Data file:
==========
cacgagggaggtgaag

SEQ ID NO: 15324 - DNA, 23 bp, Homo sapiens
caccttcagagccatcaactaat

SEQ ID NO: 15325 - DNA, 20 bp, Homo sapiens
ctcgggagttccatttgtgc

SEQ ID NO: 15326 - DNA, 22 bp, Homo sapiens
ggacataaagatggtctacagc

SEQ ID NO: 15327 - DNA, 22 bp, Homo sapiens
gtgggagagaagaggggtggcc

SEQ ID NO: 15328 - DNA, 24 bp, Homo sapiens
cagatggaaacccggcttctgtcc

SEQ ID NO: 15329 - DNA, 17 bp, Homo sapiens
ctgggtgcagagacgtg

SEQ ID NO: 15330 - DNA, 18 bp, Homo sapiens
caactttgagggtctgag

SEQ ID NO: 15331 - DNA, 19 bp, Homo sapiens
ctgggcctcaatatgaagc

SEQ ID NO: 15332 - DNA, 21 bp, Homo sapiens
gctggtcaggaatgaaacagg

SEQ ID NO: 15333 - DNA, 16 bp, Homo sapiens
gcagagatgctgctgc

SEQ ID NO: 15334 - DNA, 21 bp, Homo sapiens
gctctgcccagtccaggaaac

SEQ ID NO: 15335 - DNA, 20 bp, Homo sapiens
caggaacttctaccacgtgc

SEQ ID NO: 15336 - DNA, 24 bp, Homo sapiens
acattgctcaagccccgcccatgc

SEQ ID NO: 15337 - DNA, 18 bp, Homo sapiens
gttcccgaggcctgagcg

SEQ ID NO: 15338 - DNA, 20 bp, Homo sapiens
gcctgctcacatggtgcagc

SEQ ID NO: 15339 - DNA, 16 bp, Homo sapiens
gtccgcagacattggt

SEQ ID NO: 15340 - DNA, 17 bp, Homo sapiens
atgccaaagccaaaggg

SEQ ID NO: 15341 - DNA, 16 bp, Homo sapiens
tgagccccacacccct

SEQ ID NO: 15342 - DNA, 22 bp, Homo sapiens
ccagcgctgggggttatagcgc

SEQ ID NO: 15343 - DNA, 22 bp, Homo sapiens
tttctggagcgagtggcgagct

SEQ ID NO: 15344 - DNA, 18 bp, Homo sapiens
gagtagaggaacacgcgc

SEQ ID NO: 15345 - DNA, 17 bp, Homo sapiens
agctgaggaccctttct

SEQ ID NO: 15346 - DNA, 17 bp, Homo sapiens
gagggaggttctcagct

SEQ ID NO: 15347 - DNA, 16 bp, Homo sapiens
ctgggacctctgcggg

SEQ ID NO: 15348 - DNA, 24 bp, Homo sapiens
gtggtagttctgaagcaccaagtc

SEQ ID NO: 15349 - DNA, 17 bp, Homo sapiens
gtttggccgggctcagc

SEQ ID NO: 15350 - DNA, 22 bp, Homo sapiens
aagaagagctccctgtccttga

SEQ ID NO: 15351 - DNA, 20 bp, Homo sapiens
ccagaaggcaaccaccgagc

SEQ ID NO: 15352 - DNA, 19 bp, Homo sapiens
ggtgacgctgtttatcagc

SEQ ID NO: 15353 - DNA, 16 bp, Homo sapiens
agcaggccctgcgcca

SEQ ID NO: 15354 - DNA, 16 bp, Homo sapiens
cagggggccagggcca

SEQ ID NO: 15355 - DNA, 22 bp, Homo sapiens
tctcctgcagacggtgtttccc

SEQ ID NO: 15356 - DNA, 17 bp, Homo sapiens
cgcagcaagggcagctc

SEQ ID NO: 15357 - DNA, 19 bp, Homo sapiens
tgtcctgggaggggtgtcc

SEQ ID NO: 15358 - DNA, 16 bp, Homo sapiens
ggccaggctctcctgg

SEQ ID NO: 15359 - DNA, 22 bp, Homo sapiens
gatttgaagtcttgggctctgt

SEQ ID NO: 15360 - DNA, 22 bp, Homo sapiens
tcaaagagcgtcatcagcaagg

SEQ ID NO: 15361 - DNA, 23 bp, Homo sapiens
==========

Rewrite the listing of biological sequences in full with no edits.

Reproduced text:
cacgagggaggtgaag

SEQ ID NO: 15324 - DNA, 23 bp, Homo sapiens
caccttcagagccatcaactaat

SEQ ID NO: 15325 - DNA, 20 bp, Homo sapiens
ctcgggagttccatttgtgc

SEQ ID NO: 15326 - DNA, 22 bp, Homo sapiens
ggacataaagatggtctacagc

SEQ ID NO: 15327 - DNA, 22 bp, Homo sapiens
gtgggagagaagaggggtggcc

SEQ ID NO: 15328 - DNA, 24 bp, Homo sapiens
cagatggaaacccggcttctgtcc

SEQ ID NO: 15329 - DNA, 17 bp, Homo sapiens
ctgggtgcagagacgtg

SEQ ID NO: 15330 - DNA, 18 bp, Homo sapiens
caactttgagggtctgag

SEQ ID NO: 15331 - DNA, 19 bp, Homo sapiens
ctgggcctcaatatgaagc

SEQ ID NO: 15332 - DNA, 21 bp, Homo sapiens
gctggtcaggaatgaaacagg

SEQ ID NO: 15333 - DNA, 16 bp, Homo sapiens
gcagagatgctgctgc

SEQ ID NO: 15334 - DNA, 21 bp, Homo sapiens
gctctgcccagtccaggaaac

SEQ ID NO: 15335 - DNA, 20 bp, Homo sapiens
caggaacttctaccacgtgc

SEQ ID NO: 15336 - DNA, 24 bp, Homo sapiens
acattgctcaagccccgcccatgc

SEQ ID NO: 15337 - DNA, 18 bp, Homo sapiens
gttcccgaggcctgagcg

SEQ ID NO: 15338 - DNA, 20 bp, Homo sapiens
gcctgctcacatggtgcagc

SEQ ID NO: 15339 - DNA, 16 bp, Homo sapiens
gtccgcagacattggt

SEQ ID NO: 15340 - DNA, 17 bp, Homo sapiens
atgccaaagccaaaggg

SEQ ID NO: 15341 - DNA, 16 bp, Homo sapiens
tgagccccacacccct

SEQ ID NO: 15342 - DNA, 22 bp, Homo sapiens
ccagcgctgggggttatagcgc

SEQ ID NO: 15343 - DNA, 22 bp, Homo sapiens
tttctggagcgagtggcgagct

SEQ ID NO: 15344 - DNA, 18 bp, Homo sapiens
gagtagaggaacacgcgc

SEQ ID NO: 15345 - DNA, 17 bp, Homo sapiens
agctgaggaccctttct

SEQ ID NO: 15346 - DNA, 17 bp, Homo sapiens
gagggaggttctcagct

SEQ ID NO: 15347 - DNA, 16 bp, Homo sapiens
ctgggacctctgcggg

SEQ ID NO: 15348 - DNA, 24 bp, Homo sapiens
gtggtagttctgaagcaccaagtc

SEQ ID NO: 15349 - DNA, 17 bp, Homo sapiens
gtttggccgggctcagc

SEQ ID NO: 15350 - DNA, 22 bp, Homo sapiens
aagaagagctccctgtccttga

SEQ ID NO: 15351 - DNA, 20 bp, Homo sapiens
ccagaaggcaaccaccgagc

SEQ ID NO: 15352 - DNA, 19 bp, Homo sapiens
ggtgacgctgtttatcagc

SEQ ID NO: 15353 - DNA, 16 bp, Homo sapiens
agcaggccctgcgcca

SEQ ID NO: 15354 - DNA, 16 bp, Homo sapiens
cagggggccagggcca

SEQ ID NO: 15355 - DNA, 22 bp, Homo sapiens
tctcctgcagacggtgtttccc

SEQ ID NO: 15356 - DNA, 17 bp, Homo sapiens
cgcagcaagggcagctc

SEQ ID NO: 15357 - DNA, 19 bp, Homo sapiens
tgtcctgggaggggtgtcc

SEQ ID NO: 15358 - DNA, 16 bp, Homo sapiens
ggccaggctctcctgg

SEQ ID NO: 15359 - DNA, 22 bp, Homo sapiens
gatttgaagtcttgggctctgt

SEQ ID NO: 15360 - DNA, 22 bp, Homo sapiens
tcaaagagcgtcatcagcaagg

SEQ ID NO: 15361 - DNA, 23 bp, Homo sapiens